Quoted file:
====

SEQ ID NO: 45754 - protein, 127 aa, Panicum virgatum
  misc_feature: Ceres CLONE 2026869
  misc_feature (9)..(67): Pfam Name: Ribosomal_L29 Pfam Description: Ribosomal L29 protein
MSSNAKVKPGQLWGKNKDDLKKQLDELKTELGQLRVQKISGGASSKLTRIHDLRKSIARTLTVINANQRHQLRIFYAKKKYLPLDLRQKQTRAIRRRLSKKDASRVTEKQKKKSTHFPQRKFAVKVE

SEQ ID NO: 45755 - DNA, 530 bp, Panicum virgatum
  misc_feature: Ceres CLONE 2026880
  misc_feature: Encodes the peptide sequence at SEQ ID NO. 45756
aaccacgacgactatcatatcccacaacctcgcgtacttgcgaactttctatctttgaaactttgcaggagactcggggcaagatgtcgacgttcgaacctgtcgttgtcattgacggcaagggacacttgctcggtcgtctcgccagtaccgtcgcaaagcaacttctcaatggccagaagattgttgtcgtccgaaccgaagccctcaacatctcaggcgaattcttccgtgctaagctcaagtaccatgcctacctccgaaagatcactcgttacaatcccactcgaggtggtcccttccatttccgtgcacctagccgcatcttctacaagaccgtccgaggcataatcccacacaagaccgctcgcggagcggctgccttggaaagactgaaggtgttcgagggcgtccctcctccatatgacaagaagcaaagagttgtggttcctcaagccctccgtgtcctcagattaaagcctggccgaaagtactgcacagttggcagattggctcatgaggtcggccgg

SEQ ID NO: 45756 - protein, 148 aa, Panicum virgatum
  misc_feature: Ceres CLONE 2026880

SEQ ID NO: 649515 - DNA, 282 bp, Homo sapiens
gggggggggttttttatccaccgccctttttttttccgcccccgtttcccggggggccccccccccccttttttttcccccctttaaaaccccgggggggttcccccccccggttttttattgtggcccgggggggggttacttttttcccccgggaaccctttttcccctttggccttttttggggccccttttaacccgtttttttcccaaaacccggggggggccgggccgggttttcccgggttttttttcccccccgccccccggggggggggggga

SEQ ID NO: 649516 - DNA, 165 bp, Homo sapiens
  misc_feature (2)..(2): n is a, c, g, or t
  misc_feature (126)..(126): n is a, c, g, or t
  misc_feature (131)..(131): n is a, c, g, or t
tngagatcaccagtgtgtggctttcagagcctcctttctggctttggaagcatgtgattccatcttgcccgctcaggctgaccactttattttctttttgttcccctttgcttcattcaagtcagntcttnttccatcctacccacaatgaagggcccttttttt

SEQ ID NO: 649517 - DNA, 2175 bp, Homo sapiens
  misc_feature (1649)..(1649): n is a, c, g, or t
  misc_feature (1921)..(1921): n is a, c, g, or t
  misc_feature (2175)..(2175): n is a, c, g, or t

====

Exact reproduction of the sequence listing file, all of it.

SEQ ID NO: 45754 - protein, 127 aa, Panicum virgatum
  misc_feature: Ceres CLONE 2026869
  misc_feature (9)..(67): Pfam Name: Ribosomal_L29 Pfam Description: Ribosomal L29 protein
MSSNAKVKPGQLWGKNKDDLKKQLDELKTELGQLRVQKISGGASSKLTRIHDLRKSIARTLTVINANQRHQLRIFYAKKKYLPLDLRQKQTRAIRRRLSKKDASRVTEKQKKKSTHFPQRKFAVKVE

SEQ ID NO: 45755 - DNA, 530 bp, Panicum virgatum
  misc_feature: Ceres CLONE 2026880
  misc_feature: Encodes the peptide sequence at SEQ ID NO. 45756
aaccacgacgactatcatatcccacaacctcgcgtacttgcgaactttctatctttgaaactttgcaggagactcggggcaagatgtcgacgttcgaacctgtcgttgtcattgacggcaagggacacttgctcggtcgtctcgccagtaccgtcgcaaagcaacttctcaatggccagaagattgttgtcgtccgaaccgaagccctcaacatctcaggcgaattcttccgtgctaagctcaagtaccatgcctacctccgaaagatcactcgttacaatcccactcgaggtggtcccttccatttccgtgcacctagccgcatcttctacaagaccgtccgaggcataatcccacacaagaccgctcgcggagcggctgccttggaaagactgaaggtgttcgagggcgtccctcctccatatgacaagaagcaaagagttgtggttcctcaagccctccgtgtcctcagattaaagcctggccgaaagtactgcacagttggcagattggctcatgaggtcggccgg

SEQ ID NO: 45756 - protein, 148 aa, Panicum virgatum
  misc_feature: Ceres CLONE 2026880

SEQ ID NO: 649515 - DNA, 282 bp, Homo sapiens
gggggggggttttttatccaccgccctttttttttccgcccccgtttcccggggggccccccccccccttttttttcccccctttaaaaccccgggggggttcccccccccggttttttattgtggcccgggggggggttacttttttcccccgggaaccctttttcccctttggccttttttggggccccttttaacccgtttttttcccaaaacccggggggggccgggccgggttttcccgggttttttttcccccccgccccccggggggggggggga

SEQ ID NO: 649516 - DNA, 165 bp, Homo sapiens
  misc_feature (2)..(2): n is a, c, g, or t
  misc_feature (126)..(126): n is a, c, g, or t
  misc_feature (131)..(131): n is a, c, g, or t
tngagatcaccagtgtgtggctttcagagcctcctttctggctttggaagcatgtgattccatcttgcccgctcaggctgaccactttattttctttttgttcccctttgcttcattcaagtcagntcttnttccatcctacccacaatgaagggcccttttttt

SEQ ID NO: 649517 - DNA, 2175 bp, Homo sapiens
  misc_feature (1649)..(1649): n is a, c, g, or t
  misc_feature (1921)..(1921): n is a, c, g, or t
  misc_feature (2175)..(2175): n is a, c, g, or t